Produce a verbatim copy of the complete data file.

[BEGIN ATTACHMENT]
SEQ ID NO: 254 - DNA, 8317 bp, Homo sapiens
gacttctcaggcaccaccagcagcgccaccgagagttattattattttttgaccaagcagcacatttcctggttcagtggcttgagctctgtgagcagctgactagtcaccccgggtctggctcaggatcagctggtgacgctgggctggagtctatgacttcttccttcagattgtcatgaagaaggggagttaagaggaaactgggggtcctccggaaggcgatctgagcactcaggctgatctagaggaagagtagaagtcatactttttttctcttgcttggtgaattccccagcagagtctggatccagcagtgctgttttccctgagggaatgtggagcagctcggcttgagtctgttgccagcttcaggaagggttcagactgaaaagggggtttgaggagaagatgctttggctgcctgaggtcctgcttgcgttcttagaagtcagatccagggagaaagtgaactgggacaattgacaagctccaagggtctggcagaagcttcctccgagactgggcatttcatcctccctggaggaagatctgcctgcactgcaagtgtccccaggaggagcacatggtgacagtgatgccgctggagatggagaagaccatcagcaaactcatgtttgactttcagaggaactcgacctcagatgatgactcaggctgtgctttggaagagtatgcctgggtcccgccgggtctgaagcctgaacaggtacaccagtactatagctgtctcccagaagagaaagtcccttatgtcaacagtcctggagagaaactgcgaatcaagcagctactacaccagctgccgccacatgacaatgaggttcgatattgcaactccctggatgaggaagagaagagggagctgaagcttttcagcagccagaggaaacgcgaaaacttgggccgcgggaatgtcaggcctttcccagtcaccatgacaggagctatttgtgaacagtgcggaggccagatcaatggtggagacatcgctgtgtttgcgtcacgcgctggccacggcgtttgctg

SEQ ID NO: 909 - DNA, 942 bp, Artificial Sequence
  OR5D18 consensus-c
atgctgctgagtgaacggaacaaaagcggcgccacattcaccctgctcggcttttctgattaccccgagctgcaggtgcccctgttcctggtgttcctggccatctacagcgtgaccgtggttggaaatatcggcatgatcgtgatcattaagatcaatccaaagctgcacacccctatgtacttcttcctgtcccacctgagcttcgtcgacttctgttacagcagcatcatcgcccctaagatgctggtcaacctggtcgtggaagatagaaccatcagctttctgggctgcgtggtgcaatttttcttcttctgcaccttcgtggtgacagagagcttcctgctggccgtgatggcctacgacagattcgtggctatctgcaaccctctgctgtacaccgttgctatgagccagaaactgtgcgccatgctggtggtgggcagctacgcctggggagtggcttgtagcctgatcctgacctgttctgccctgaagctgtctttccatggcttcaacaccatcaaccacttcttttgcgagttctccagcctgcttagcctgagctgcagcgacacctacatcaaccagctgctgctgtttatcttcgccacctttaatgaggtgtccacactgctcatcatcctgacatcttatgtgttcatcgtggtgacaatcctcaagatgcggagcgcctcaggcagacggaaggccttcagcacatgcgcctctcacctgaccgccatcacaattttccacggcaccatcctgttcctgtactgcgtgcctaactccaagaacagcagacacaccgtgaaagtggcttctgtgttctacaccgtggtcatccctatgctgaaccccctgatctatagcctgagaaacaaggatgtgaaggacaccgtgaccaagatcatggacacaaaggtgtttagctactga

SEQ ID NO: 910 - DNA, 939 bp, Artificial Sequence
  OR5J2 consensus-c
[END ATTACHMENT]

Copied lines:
SEQ ID NO: 254 - DNA, 8317 bp, Homo sapiens
gacttctcaggcaccaccagcagcgccaccgagagttattattattttttgaccaagcagcacatttcctggttcagtggcttgagctctgtgagcagctgactagtcaccccgggtctggctcaggatcagctggtgacgctgggctggagtctatgacttcttccttcagattgtcatgaagaaggggagttaagaggaaactgggggtcctccggaaggcgatctgagcactcaggctgatctagaggaagagtagaagtcatactttttttctcttgcttggtgaattccccagcagagtctggatccagcagtgctgttttccctgagggaatgtggagcagctcggcttgagtctgttgccagcttcaggaagggttcagactgaaaagggggtttgaggagaagatgctttggctgcctgaggtcctgcttgcgttcttagaagtcagatccagggagaaagtgaactgggacaattgacaagctccaagggtctggcagaagcttcctccgagactgggcatttcatcctccctggaggaagatctgcctgcactgcaagtgtccccaggaggagcacatggtgacagtgatgccgctggagatggagaagaccatcagcaaactcatgtttgactttcagaggaactcgacctcagatgatgactcaggctgtgctttggaagagtatgcctgggtcccgccgggtctgaagcctgaacaggtacaccagtactatagctgtctcccagaagagaaagtcccttatgtcaacagtcctggagagaaactgcgaatcaagcagctactacaccagctgccgccacatgacaatgaggttcgatattgcaactccctggatgaggaagagaagagggagctgaagcttttcagcagccagaggaaacgcgaaaacttgggccgcgggaatgtcaggcctttcccagtcaccatgacaggagctatttgtgaacagtgcggaggccagatcaatggtggagacatcgctgtgtttgcgtcacgcgctggccacggcgtttgctg

SEQ ID NO: 909 - DNA, 942 bp, Artificial Sequence
  OR5D18 consensus-c
atgctgctgagtgaacggaacaaaagcggcgccacattcaccctgctcggcttttctgattaccccgagctgcaggtgcccctgttcctggtgttcctggccatctacagcgtgaccgtggttggaaatatcggcatgatcgtgatcattaagatcaatccaaagctgcacacccctatgtacttcttcctgtcccacctgagcttcgtcgacttctgttacagcagcatcatcgcccctaagatgctggtcaacctggtcgtggaagatagaaccatcagctttctgggctgcgtggtgcaatttttcttcttctgcaccttcgtggtgacagagagcttcctgctggccgtgatggcctacgacagattcgtggctatctgcaaccctctgctgtacaccgttgctatgagccagaaactgtgcgccatgctggtggtgggcagctacgcctggggagtggcttgtagcctgatcctgacctgttctgccctgaagctgtctttccatggcttcaacaccatcaaccacttcttttgcgagttctccagcctgcttagcctgagctgcagcgacacctacatcaaccagctgctgctgtttatcttcgccacctttaatgaggtgtccacactgctcatcatcctgacatcttatgtgttcatcgtggtgacaatcctcaagatgcggagcgcctcaggcagacggaaggccttcagcacatgcgcctctcacctgaccgccatcacaattttccacggcaccatcctgttcctgtactgcgtgcctaactccaagaacagcagacacaccgtgaaagtggcttctgtgttctacaccgtggtcatccctatgctgaaccccctgatctatagcctgagaaacaaggatgtgaaggacaccgtgaccaagatcatggacacaaaggtgtttagctactga

SEQ ID NO: 910 - DNA, 939 bp, Artificial Sequence
  OR5J2 consensus-c